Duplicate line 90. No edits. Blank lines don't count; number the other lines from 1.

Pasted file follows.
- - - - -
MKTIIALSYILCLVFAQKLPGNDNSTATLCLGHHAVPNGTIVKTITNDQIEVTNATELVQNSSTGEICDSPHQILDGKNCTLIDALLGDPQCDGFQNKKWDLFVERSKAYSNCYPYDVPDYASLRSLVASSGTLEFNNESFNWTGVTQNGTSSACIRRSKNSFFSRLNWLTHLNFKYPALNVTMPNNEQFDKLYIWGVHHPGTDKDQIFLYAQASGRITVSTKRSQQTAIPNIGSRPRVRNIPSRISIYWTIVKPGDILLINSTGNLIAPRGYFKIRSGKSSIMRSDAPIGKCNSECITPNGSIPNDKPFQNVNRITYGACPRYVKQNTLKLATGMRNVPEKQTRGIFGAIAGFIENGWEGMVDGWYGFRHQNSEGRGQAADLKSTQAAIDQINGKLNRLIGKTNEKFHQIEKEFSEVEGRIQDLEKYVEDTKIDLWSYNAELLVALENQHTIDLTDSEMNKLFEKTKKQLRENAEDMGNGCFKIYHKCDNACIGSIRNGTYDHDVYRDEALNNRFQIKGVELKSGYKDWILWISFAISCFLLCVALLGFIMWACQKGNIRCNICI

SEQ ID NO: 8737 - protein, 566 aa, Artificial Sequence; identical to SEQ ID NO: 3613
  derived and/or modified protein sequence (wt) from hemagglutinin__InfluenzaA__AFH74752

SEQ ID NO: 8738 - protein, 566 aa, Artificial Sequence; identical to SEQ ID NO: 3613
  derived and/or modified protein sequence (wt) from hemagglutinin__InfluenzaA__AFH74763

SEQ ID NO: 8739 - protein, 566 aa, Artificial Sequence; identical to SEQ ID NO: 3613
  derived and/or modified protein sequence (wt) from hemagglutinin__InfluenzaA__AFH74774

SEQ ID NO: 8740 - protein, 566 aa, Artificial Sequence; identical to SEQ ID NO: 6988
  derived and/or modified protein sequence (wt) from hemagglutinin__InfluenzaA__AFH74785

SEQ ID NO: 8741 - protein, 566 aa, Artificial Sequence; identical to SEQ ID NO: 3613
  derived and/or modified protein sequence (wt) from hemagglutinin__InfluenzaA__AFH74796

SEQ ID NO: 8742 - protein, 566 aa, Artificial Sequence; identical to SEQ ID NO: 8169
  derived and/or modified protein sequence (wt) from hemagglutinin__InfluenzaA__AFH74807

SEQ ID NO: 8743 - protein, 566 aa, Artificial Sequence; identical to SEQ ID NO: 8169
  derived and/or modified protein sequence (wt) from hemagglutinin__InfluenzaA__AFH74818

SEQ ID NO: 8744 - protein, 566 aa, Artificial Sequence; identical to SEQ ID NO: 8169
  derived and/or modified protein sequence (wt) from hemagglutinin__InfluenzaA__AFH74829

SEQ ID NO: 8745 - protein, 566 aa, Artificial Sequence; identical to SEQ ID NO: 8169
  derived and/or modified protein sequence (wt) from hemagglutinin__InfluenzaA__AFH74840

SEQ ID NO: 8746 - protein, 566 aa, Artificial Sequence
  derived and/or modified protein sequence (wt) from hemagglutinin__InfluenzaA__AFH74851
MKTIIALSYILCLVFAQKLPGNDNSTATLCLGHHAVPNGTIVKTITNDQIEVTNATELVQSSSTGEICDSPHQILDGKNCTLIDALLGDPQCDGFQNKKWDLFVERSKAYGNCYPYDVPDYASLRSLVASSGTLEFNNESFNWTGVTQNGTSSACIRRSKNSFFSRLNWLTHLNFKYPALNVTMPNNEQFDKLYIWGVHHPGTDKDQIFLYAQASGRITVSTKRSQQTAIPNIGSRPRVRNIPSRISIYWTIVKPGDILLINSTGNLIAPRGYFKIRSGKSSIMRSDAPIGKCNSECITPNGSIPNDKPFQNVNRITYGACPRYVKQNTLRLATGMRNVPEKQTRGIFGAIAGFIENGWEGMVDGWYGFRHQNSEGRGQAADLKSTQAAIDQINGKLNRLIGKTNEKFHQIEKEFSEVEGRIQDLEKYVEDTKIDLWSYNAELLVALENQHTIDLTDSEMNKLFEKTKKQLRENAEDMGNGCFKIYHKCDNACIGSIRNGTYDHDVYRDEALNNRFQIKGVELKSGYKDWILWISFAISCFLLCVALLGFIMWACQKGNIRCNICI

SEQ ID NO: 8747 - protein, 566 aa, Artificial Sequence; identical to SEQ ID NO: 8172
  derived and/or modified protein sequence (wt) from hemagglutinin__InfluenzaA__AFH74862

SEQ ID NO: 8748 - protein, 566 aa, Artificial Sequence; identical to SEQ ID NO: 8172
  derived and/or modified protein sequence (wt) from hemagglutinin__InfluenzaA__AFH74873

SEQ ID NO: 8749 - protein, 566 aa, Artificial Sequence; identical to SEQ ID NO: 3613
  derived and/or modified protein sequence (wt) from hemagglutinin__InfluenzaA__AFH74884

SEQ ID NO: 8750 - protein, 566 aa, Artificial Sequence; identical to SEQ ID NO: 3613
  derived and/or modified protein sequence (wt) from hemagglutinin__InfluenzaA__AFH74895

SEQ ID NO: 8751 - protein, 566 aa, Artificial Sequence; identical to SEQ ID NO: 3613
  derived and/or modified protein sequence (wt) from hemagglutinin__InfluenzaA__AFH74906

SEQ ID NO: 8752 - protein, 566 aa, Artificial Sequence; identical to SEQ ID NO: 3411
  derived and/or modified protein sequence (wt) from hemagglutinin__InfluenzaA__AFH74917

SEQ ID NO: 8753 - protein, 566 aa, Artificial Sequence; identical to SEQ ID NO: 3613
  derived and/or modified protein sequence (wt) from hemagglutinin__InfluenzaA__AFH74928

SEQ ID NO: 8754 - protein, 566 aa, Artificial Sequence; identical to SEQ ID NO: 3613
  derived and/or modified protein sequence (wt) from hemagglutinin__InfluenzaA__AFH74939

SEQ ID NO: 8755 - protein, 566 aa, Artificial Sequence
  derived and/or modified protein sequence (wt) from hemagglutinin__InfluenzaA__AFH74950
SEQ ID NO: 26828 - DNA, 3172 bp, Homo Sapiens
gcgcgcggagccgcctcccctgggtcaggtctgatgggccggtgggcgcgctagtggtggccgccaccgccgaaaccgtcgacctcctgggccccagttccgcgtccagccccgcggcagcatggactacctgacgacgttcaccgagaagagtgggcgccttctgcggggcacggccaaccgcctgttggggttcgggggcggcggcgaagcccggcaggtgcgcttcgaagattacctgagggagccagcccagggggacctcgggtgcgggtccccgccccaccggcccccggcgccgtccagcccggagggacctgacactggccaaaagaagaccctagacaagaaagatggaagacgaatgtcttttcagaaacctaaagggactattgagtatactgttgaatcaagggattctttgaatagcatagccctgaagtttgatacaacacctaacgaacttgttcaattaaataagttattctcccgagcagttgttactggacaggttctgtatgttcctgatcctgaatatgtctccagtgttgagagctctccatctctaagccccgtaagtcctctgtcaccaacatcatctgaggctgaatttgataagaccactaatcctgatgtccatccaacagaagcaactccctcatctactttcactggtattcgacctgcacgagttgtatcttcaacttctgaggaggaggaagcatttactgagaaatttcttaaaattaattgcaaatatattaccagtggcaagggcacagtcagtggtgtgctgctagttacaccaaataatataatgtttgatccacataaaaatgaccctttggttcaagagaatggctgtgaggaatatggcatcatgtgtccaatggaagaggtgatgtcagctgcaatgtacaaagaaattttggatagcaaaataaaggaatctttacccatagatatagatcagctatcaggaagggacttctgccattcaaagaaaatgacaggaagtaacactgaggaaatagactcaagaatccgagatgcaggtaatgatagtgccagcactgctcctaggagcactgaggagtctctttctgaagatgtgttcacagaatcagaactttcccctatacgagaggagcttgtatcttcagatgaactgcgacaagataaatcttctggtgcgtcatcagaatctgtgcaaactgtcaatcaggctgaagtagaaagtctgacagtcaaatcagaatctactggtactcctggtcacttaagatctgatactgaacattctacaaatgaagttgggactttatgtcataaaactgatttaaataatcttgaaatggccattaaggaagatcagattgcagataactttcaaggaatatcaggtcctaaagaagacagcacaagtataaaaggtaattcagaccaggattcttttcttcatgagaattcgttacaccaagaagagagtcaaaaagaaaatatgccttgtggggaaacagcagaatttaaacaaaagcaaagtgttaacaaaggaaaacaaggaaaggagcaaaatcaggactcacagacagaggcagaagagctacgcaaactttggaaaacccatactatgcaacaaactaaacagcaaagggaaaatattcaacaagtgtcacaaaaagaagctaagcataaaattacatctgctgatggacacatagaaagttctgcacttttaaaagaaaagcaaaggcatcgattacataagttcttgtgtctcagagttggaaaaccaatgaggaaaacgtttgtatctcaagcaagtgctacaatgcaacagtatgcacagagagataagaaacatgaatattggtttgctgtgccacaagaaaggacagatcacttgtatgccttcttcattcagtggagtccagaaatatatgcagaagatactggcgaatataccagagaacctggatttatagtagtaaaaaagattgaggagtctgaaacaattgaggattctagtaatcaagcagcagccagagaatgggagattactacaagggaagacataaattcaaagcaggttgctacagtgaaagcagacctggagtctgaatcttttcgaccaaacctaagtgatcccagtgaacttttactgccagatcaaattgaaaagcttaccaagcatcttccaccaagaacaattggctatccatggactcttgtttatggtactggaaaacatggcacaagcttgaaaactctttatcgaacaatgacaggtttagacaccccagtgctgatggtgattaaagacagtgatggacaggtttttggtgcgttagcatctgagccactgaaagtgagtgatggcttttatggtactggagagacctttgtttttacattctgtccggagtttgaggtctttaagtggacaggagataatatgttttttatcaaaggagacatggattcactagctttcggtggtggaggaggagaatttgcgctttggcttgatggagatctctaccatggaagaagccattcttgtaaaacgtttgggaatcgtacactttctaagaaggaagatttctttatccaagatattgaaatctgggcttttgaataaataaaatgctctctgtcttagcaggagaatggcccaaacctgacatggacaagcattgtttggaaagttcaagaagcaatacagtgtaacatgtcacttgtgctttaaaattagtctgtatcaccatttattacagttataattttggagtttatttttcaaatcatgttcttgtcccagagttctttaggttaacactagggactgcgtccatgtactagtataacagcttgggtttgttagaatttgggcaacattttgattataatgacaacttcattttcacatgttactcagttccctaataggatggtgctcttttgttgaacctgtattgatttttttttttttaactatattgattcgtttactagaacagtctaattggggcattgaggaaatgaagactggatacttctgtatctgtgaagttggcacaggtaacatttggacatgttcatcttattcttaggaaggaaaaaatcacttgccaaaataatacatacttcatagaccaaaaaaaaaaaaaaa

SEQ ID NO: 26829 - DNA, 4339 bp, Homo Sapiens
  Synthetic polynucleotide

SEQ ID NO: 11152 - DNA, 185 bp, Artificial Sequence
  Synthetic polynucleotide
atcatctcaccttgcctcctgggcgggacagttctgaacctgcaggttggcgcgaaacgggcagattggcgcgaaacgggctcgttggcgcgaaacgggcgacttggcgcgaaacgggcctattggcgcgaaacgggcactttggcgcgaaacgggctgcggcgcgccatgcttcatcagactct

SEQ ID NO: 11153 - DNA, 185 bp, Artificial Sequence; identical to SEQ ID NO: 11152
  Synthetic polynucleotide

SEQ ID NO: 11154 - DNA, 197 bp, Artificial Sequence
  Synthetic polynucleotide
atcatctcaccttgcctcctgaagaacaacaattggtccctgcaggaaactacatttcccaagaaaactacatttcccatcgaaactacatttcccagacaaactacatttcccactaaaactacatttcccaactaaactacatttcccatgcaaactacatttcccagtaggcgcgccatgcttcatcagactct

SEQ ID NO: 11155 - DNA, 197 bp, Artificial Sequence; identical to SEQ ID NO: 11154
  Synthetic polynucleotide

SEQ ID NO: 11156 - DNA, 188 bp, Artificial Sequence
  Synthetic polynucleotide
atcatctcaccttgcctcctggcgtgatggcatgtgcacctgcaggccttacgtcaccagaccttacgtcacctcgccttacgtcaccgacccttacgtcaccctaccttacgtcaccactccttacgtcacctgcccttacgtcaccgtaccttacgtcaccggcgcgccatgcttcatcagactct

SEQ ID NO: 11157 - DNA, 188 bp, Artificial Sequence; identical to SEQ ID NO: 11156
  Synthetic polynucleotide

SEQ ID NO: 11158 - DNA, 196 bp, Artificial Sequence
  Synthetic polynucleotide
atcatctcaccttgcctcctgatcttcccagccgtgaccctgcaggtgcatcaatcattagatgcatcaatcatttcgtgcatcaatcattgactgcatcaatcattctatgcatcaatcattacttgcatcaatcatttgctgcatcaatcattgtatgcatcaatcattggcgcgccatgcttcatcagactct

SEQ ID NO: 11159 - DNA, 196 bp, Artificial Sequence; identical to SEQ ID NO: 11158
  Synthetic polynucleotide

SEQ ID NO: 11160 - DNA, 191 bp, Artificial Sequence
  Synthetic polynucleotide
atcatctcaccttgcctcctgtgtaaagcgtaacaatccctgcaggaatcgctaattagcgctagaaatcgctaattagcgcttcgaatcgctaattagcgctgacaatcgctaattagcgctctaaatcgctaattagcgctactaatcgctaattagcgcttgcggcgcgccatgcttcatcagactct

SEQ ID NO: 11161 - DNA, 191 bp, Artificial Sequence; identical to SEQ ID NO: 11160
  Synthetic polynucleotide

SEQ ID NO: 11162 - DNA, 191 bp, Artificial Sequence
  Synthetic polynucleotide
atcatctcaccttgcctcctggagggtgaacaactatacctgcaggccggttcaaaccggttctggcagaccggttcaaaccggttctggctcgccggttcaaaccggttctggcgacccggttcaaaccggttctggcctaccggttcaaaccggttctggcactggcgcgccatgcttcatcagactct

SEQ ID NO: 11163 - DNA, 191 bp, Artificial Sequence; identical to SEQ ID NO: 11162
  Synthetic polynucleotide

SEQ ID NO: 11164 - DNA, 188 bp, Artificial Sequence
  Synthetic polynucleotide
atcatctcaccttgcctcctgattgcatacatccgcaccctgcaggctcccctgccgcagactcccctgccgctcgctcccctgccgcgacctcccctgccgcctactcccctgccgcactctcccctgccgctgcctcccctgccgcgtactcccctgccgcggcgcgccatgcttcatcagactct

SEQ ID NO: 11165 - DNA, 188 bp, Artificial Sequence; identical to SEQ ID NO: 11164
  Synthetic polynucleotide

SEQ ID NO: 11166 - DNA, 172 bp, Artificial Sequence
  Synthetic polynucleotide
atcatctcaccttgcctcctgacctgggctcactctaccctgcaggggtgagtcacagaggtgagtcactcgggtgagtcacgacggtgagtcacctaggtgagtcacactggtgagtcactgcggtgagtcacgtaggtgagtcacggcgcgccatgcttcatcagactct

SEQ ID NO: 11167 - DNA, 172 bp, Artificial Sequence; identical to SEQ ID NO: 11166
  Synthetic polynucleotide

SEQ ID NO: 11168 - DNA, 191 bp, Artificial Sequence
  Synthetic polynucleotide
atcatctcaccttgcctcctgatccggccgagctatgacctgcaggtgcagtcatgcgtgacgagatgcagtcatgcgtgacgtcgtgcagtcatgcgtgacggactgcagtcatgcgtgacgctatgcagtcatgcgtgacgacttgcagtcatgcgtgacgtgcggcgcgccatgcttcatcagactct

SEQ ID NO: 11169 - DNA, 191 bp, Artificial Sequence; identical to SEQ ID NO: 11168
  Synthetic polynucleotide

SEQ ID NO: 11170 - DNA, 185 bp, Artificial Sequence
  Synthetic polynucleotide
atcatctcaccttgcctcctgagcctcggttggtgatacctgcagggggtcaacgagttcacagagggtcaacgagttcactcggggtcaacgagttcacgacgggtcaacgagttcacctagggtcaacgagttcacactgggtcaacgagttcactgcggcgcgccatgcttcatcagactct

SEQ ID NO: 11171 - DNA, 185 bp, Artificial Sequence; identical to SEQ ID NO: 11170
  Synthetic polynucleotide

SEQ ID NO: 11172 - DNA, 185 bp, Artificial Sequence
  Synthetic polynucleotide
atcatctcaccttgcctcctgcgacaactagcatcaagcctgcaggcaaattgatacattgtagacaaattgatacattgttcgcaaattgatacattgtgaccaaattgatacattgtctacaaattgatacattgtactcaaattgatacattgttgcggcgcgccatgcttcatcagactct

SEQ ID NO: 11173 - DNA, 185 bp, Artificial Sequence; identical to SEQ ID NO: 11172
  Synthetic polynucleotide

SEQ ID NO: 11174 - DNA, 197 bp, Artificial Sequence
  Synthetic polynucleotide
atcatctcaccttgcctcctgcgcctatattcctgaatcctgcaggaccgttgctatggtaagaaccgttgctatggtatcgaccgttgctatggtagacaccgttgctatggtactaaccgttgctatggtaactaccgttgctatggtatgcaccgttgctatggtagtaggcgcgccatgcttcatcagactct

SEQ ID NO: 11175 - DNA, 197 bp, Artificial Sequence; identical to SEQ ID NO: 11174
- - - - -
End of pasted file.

SEQ ID NO: 11170 - DNA, 185 bp, Artificial Sequence